Part of the problem, of course, is that America's politicians have been forced to sell their souls, because the cost of running campaigns is so high. Without such huge payments, or a different model, most candidates cannot hope to stand for office. While anyone can theoretically put themselves forward for election, in practice the race is now only open to those who can raise the funds through these corrupting channels, or to the super-rich.

4. Is a Two-party State Twice as Good as a One-party State?

The fifth reason America's political system is so undemocratic (this also applies in the UK, Ireland, Australia and many other countries) is the astonishing lack of choice offered to voters at the polls. To outsiders, it sometimes appears as if America only has two political parties, the Democrats and the Republicans. In fact, there are at least 40 parties to choose from. Among the next largest are the Constitution Party, The Green Party and the Libertarian Party. But there are many more. Most are small and fragmented, some of them having split from the main parties. A large number have extreme views. But some also reflect the views of millions of people, such as the Green Party.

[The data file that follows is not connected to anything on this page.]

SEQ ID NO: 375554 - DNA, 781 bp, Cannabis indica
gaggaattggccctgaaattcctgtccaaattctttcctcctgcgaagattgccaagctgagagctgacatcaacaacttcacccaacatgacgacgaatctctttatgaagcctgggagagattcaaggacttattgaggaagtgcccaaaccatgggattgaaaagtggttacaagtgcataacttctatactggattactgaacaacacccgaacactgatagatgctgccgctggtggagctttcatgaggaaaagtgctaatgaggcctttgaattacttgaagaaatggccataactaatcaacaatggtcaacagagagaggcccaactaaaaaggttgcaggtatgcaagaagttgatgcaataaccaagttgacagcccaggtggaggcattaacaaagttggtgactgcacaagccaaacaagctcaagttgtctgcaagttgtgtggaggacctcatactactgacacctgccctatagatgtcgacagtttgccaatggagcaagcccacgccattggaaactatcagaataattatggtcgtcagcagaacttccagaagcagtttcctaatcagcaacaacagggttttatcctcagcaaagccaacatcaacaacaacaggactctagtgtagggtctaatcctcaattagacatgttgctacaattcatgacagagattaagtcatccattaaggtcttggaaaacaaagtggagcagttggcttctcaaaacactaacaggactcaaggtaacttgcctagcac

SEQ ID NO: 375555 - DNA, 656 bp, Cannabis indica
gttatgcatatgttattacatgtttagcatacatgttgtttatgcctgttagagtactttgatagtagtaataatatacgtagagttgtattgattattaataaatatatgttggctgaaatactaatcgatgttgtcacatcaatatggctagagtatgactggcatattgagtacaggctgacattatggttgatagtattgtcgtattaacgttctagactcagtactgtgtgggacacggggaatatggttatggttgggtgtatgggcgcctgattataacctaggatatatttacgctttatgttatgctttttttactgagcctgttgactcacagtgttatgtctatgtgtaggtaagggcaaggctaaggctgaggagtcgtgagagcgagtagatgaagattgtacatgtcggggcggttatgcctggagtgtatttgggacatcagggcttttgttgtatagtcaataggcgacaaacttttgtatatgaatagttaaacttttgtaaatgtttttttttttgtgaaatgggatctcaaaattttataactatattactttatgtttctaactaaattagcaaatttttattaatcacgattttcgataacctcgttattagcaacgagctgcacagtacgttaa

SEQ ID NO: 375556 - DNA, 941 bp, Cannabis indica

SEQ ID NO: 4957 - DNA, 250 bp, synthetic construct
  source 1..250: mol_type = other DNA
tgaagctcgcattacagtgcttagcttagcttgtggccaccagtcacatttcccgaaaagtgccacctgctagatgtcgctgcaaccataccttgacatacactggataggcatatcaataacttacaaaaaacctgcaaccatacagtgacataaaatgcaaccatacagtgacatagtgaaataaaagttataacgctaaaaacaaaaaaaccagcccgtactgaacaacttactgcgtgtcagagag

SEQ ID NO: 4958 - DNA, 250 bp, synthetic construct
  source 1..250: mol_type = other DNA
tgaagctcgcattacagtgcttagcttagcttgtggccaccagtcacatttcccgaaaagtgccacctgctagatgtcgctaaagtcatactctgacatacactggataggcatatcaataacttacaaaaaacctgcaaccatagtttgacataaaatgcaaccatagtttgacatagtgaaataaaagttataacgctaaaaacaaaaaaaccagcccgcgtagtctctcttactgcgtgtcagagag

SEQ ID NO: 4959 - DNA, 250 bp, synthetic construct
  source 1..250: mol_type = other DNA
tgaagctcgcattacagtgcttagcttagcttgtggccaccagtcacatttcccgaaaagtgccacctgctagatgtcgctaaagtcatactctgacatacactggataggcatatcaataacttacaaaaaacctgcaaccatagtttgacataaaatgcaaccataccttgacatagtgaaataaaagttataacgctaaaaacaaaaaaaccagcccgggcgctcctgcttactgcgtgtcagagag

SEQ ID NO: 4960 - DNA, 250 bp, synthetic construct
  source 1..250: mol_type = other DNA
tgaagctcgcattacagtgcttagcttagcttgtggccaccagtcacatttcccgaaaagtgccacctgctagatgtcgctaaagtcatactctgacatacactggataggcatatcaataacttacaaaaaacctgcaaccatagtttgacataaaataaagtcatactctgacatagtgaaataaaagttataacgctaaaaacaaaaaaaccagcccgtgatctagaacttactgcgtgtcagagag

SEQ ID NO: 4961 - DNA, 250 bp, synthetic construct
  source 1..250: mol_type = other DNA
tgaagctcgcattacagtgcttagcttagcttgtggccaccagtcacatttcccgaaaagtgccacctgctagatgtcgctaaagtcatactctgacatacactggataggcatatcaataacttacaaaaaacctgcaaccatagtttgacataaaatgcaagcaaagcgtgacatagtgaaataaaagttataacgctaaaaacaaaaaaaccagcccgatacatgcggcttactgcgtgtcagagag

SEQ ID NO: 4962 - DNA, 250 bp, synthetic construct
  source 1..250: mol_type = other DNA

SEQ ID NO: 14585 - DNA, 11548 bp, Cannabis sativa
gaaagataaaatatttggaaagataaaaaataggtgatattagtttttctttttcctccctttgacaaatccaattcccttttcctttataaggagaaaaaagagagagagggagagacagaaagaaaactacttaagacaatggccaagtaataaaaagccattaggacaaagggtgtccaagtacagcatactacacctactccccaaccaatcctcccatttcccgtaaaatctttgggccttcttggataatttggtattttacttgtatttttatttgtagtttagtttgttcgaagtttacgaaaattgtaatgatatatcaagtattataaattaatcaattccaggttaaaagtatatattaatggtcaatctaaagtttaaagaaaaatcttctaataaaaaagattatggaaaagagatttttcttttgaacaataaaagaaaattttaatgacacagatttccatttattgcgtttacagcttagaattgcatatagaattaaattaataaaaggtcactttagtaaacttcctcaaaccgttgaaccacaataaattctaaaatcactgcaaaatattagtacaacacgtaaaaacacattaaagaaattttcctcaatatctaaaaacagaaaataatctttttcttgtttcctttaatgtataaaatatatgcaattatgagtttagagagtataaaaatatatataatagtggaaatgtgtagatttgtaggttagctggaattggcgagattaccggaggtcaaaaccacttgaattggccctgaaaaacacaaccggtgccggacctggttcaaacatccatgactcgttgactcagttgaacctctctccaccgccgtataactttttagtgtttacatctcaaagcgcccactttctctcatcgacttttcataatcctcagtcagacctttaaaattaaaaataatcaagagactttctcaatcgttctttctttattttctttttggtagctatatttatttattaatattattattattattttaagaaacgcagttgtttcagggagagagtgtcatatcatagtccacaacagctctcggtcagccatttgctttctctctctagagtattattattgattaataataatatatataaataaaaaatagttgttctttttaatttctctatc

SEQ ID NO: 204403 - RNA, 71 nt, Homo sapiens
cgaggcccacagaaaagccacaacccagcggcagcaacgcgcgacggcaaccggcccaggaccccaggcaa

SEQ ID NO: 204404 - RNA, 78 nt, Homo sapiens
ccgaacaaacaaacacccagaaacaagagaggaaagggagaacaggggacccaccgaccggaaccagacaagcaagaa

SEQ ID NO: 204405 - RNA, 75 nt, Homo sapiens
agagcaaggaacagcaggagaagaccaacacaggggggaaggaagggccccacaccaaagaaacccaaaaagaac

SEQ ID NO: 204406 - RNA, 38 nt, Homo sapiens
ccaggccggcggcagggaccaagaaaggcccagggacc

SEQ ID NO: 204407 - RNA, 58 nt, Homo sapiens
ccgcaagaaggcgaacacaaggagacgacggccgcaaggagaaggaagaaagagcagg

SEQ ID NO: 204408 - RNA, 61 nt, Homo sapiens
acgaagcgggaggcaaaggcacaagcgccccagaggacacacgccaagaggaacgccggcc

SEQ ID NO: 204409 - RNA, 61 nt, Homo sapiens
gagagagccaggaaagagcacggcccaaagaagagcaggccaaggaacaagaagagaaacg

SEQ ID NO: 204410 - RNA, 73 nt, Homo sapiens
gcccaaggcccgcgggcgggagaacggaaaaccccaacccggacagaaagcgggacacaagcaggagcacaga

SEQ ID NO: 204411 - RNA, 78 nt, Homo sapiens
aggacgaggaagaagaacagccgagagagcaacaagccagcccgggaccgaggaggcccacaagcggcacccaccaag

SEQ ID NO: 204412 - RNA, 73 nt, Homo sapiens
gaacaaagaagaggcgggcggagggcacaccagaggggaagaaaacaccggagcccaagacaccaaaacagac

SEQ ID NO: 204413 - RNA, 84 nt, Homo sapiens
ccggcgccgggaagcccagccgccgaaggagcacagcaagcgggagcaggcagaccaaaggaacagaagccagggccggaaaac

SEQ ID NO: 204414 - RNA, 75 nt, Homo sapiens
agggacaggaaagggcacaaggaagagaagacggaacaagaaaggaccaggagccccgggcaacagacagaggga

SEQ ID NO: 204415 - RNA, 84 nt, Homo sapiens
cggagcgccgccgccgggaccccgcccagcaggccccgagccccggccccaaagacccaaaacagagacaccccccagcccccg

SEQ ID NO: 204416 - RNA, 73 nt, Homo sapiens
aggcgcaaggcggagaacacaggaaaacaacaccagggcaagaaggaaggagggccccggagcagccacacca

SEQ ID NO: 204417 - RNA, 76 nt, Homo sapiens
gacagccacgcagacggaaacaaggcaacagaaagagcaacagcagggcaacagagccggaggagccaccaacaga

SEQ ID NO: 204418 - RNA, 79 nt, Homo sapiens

What most of these parties lack is the funding needed to run an enduring campaign at a national or even at a local level. Although more than ten other parties endorsed candidates for the 2012 presidential election, few polled even a fraction of 1% of the vote, partly becausethey found it almost impossible to be heard.

The fact that these parties exist allows politicians from the two dominant parties to claim that their system is democratic, because anyone can stand for office and because the views of all strands of the political spectrum are represented. But the practical barriers that prevent these other parties from holding office make such statements meaningless.

5. The Dogma of Democracy

A wider issue, mostly for those living in less democratic countries, is that the western concept of democracy has become an ideology, a weapon used to bash them. For several decades, the western world has exported an idea, trying to impose it on everyone else. Cosily wrapped in the principles of freedom, equality and justice, "democracy" has become dogma, a doctrine that is proclaimed as true without those who are imposing it needing to provide any proof — because the proof is no longer available. Coupled with the dogma of "the market", it has encouraged the citizens of other nations to turn their countries into debt-driven consumerist societies, no longer fuelled by a desire for genuine progress but by a heady hunger to go shopping.